The Jamaica Observer – Standing Strong, Not Still

Standing Strong, Not Still | Claudja Barry

by Michael A Edwards, Entertainment Editor | The Jamaica Observer

Glamorous, multilingual and highly travelled Claudja Barry is the picture of grace and unhurried, gimmick-free success.

Sitting opposite this writer inside the lobby of the Knutsford Court, she looks every bit like someone who has sung in some of the world’s best venues – among them Studio 54, The Saint, (NYC), The Palace (Paris), Budokan Hall (where she won the Silver Prize at the Tokyo Music Festival), The Verona Arena (Italy).

Her performances and stage presence have made her not only a star in the pop and club music arenas but have also made her an accomplished actress in film and television as well as on stage.

Barry may be best known to Jamaicans of a certain age as a founding member of the Euro-pop group Boney M, Barry left the group after only a year to pursue a solos career, and in fact doesn’t wish to talk about that time in her life.

She’s far more anxious to talk about I Will Stand, her current single that’s fast on its way to becoming an international anthem.
“Its really a song telling young women to stand up, to recognise their self-worth and not have anyone else try to define them,” she explains. The song has heightened personal relevance for the singer as she prepares to send her daughter off to college, but had its genesis some three years prior, when Barry, who had been on a self-imposed hiatus, decided it might be time for her to get her musical legs going again.

The single is presently lodged at or near the top of a number of international dance charts (including #4 on the Billboard Hot Dance Club Play), and already there are several remixes and versions making the rounds. A video is being planned and Barry is looking at 2007 for an album release. She is, in fact, a partner in the company, Donna Jean Records, that released the track.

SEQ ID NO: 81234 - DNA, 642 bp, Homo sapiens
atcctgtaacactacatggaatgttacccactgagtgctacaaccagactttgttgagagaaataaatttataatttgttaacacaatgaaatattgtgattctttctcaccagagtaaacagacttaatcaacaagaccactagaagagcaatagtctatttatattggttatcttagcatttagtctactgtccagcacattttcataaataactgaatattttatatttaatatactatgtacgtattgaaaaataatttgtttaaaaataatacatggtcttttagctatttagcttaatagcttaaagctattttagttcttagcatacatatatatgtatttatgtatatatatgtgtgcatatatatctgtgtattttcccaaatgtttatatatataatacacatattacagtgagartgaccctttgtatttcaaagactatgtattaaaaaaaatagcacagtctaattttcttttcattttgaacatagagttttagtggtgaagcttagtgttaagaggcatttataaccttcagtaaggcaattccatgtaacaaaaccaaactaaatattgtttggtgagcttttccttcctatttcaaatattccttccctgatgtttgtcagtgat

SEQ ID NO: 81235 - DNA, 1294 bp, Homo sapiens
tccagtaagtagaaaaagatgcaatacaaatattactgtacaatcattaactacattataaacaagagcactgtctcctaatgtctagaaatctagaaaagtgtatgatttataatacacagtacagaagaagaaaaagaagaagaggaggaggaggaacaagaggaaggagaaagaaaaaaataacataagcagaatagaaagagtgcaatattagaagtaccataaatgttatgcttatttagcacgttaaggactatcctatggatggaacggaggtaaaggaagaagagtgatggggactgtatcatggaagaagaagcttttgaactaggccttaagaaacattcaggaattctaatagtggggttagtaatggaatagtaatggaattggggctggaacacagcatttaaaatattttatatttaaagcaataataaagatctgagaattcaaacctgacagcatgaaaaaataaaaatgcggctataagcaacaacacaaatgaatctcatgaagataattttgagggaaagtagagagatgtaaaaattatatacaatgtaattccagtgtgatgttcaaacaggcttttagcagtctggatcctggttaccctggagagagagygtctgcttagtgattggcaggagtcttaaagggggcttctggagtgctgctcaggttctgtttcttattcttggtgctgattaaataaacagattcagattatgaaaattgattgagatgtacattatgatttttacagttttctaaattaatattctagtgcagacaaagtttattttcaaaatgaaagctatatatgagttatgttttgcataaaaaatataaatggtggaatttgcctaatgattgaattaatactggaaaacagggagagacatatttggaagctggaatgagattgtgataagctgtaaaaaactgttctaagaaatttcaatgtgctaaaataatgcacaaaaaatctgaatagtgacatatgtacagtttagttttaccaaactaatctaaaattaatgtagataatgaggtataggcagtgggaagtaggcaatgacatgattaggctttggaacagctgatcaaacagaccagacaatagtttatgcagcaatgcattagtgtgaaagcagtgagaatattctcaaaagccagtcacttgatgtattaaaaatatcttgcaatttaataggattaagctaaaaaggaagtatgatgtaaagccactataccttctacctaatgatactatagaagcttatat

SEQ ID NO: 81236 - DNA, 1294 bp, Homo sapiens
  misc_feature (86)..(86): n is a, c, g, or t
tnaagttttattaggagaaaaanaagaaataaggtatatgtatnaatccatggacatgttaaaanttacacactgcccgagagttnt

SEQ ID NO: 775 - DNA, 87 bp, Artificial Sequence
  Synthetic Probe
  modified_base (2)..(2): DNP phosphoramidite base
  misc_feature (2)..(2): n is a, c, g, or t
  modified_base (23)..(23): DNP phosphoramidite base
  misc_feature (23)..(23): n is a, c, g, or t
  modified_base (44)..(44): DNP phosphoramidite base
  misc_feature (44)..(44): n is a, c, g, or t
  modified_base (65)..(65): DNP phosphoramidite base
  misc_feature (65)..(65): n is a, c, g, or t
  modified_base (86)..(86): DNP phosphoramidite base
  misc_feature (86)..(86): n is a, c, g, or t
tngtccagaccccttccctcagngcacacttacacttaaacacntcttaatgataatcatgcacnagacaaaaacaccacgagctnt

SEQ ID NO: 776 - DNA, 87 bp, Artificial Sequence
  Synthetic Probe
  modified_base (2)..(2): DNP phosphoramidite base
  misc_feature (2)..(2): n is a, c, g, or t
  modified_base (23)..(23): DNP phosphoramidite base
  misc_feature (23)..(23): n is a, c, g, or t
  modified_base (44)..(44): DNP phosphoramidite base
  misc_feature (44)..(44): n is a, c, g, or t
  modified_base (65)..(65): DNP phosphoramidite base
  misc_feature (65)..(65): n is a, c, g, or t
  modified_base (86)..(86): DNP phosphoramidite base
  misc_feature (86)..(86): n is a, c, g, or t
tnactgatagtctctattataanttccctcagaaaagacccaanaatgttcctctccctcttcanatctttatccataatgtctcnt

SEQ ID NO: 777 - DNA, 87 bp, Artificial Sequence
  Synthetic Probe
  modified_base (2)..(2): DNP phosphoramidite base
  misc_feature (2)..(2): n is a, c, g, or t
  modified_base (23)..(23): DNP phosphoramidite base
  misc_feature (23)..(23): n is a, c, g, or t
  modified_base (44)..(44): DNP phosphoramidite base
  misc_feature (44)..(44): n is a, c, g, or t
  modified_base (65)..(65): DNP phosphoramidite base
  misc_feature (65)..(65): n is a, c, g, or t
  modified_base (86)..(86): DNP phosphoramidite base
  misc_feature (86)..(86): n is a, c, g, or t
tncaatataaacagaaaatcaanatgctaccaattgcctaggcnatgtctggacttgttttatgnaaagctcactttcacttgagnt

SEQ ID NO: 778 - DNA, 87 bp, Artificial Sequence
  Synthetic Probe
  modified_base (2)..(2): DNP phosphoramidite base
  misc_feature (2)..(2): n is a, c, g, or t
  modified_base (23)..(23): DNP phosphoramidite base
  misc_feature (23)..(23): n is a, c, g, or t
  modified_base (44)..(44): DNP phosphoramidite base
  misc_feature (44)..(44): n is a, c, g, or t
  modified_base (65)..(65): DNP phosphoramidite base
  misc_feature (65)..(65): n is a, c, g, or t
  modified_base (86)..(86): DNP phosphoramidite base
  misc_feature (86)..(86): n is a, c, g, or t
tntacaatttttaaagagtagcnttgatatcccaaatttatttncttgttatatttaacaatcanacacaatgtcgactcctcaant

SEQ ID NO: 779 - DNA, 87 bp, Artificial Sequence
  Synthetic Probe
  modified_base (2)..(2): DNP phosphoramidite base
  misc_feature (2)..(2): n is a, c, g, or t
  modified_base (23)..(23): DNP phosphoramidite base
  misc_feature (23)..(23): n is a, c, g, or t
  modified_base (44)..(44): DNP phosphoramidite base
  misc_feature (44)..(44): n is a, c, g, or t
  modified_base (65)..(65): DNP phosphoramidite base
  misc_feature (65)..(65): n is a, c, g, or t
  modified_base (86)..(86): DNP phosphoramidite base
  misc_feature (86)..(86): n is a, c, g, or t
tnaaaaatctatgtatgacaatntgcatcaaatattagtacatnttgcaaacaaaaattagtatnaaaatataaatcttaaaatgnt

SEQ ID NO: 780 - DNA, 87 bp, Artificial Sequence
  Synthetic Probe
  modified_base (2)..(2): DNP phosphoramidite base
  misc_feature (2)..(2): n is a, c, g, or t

But the real story is Claudja Barry herself, her amazing travels in the entertainment world, and her current perspective having learned through experience. Born in Jamaica, Barry left with her parents for Toronto Canada at age 7. In her teens, she headed south to New York City, to study acting with the famed Actors Studio of lee Strasberg. From there, she jumped to London, landing the lead role in the Royal Court Theatre production of AC/DC, which won the Evening Standard Critic’s award for Best Play.

She again hopped the pond, so to speak, this time landing in Germany, where she appeared in several musicals, including a musical adaptation of Othello (which in turn led to the Boney M call). Hollywood also called, and barry had roles in the features Rappin’ and Paper People.

Her solo musical career includes the disco classics Boogie Woogie Dancin’ Shoes, Dancin’ Fever and Down And Counting all of which were staples on Jamaican radio. She also found time to produce a gospel album, entitled Love Him Forever.

Though now based in New York, Barry has carved out a special place for the land of her birth. ‘ I intend to have a base in Jamaica,” she says. “I’m not saying I’ll be here all year round, but I definitely want to be established here.”

Having experienced the pleasures and challenges of life in Europe and North America, she is both philosophical and pragmatic. “The European way of life is closer to the ideal than the US or even Canada, but the thing is, there aren’t any major solo acts breaking out of Europe right now, like there were say five years ago. So even though the go-go life of America can be very difficult, that’s where the music is happening for the moment.”

Having been back to the island on several occasions, Barry is struck by need to create opportunities, particularly for the young, to realise their potential, but doesn’t wish to get on a soapbox. “There is an incredible amount of talent here,” she says. “I’d like to be able to do something to help them , especially our young women, empower themselves.”

With her career and family on the main burner, the social activism will have to wait a while. Through I Will Stand, Barry is trying to speak to one issue, as directly as possible, in the way she knows best. People are listening.

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